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What is Olympic Weightlifting?

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The phrase “Olympic Weightlifting” distinguishes our sport from Powerlifting, Strongman contests and other strength sports. Our disciplines, the Snatch and the Clean & Jerk, are performed with two hands using the Olympic bars, which are larger than the standard bars bodybuilders have used in their home gyms over the decades. Our sport is governed by the International Weightlifting Federation (IWF), founded in 1905. Since most of the world uses the Metric System, the lifter’s bodyweight and the weight loaded on the bar are expressed in Kilograms. (One Kilogram=2.2046 pounds.) The Women’s bar with collars weighs 20 Kilos; Men’s bar with collars weighs 25 Kilos. Weight is added to the bars in whole kilo increments.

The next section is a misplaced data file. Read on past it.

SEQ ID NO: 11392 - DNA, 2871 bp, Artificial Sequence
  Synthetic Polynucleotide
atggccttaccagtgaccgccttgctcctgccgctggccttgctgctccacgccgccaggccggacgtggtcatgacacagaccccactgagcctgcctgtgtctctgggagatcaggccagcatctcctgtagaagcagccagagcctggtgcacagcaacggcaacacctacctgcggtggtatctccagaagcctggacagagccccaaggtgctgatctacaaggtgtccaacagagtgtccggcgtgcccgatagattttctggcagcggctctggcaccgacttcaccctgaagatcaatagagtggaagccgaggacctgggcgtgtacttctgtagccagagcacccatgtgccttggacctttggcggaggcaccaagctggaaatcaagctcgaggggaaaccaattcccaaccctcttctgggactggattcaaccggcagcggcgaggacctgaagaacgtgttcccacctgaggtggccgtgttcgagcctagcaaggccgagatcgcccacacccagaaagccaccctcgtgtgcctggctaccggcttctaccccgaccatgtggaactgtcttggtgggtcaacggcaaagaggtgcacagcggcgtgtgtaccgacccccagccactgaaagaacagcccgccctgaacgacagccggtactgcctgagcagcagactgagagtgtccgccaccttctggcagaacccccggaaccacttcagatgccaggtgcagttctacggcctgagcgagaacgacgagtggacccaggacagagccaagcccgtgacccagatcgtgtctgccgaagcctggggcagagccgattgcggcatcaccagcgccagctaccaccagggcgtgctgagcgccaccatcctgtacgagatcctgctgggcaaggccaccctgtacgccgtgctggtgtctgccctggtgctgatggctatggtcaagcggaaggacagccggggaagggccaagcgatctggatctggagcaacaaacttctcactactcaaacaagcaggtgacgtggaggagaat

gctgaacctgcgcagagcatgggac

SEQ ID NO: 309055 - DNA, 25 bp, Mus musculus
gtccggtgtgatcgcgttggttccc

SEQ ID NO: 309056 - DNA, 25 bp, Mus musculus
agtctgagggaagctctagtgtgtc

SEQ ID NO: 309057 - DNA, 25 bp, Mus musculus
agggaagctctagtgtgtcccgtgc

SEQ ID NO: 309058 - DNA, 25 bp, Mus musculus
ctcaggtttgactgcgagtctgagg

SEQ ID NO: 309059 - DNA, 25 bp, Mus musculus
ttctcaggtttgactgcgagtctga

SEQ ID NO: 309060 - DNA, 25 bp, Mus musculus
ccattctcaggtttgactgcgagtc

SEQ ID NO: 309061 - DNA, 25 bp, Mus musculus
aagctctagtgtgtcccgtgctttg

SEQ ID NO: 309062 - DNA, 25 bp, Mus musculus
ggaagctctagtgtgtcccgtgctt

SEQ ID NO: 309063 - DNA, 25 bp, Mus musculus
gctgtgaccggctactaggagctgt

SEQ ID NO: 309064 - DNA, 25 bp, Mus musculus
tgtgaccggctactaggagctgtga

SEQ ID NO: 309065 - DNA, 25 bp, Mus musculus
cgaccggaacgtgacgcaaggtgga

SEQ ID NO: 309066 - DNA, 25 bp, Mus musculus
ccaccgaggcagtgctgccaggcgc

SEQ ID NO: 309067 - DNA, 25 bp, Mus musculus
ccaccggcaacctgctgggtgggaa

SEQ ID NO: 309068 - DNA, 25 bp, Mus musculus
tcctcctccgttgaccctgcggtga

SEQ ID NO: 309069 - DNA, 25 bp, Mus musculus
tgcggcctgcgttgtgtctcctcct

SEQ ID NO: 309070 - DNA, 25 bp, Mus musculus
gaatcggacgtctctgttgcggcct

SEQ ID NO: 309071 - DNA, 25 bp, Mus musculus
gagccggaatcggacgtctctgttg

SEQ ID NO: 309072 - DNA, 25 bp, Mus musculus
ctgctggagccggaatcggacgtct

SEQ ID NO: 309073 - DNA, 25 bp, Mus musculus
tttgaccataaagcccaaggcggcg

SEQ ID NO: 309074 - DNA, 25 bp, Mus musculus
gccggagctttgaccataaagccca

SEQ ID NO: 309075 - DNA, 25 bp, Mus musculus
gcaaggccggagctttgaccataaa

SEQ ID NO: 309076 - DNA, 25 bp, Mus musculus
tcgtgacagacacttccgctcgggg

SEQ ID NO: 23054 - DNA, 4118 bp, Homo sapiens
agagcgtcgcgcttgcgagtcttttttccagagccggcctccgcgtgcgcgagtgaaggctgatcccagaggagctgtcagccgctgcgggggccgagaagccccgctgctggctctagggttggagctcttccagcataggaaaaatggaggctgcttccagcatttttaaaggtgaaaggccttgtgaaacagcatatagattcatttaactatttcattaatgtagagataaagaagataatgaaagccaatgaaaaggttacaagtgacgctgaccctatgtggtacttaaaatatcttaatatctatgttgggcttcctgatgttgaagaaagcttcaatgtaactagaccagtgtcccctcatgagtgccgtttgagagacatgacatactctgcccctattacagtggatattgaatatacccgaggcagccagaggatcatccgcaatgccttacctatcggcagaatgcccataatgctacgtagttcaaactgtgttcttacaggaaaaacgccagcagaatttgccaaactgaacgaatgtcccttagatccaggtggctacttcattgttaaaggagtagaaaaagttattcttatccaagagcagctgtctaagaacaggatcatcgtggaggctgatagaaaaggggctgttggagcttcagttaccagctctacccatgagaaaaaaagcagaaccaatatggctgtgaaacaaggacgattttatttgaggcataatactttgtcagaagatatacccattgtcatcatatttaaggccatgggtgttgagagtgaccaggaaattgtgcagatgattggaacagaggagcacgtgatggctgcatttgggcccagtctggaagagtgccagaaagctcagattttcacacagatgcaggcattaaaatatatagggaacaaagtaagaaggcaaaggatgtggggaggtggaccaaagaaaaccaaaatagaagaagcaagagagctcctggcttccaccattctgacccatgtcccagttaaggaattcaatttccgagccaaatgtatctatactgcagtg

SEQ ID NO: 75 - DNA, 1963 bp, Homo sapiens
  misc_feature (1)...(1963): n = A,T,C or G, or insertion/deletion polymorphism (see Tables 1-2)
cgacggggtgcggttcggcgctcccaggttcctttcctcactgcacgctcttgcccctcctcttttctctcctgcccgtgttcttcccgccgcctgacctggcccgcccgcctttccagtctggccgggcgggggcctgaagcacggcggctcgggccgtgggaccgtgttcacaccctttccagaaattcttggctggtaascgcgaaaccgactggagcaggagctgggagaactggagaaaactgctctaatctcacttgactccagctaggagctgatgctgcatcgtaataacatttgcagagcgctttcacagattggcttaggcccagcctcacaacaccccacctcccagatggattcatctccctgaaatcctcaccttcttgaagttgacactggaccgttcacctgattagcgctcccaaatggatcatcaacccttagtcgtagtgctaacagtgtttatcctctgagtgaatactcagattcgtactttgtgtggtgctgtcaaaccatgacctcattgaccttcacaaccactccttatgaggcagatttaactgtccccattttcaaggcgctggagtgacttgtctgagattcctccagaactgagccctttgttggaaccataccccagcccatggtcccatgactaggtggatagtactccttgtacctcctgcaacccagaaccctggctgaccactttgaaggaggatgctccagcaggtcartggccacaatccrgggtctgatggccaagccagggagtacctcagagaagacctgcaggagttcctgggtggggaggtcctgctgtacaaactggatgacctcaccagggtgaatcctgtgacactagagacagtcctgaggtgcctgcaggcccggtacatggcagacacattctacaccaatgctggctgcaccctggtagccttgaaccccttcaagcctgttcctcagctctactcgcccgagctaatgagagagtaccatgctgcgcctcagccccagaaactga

The Lifts

The Snatch is contested first.The athlete lifts the bar from the platform to overhead position in one smooth motion, arms straight, and must stand erect, motionless; the Referees signal that the bar may be lowered to the platform. The lifter cannot drop the bar until it has descended to shoulder height. If you go to YouTube you will find plenty of videos of the Snatch being executed.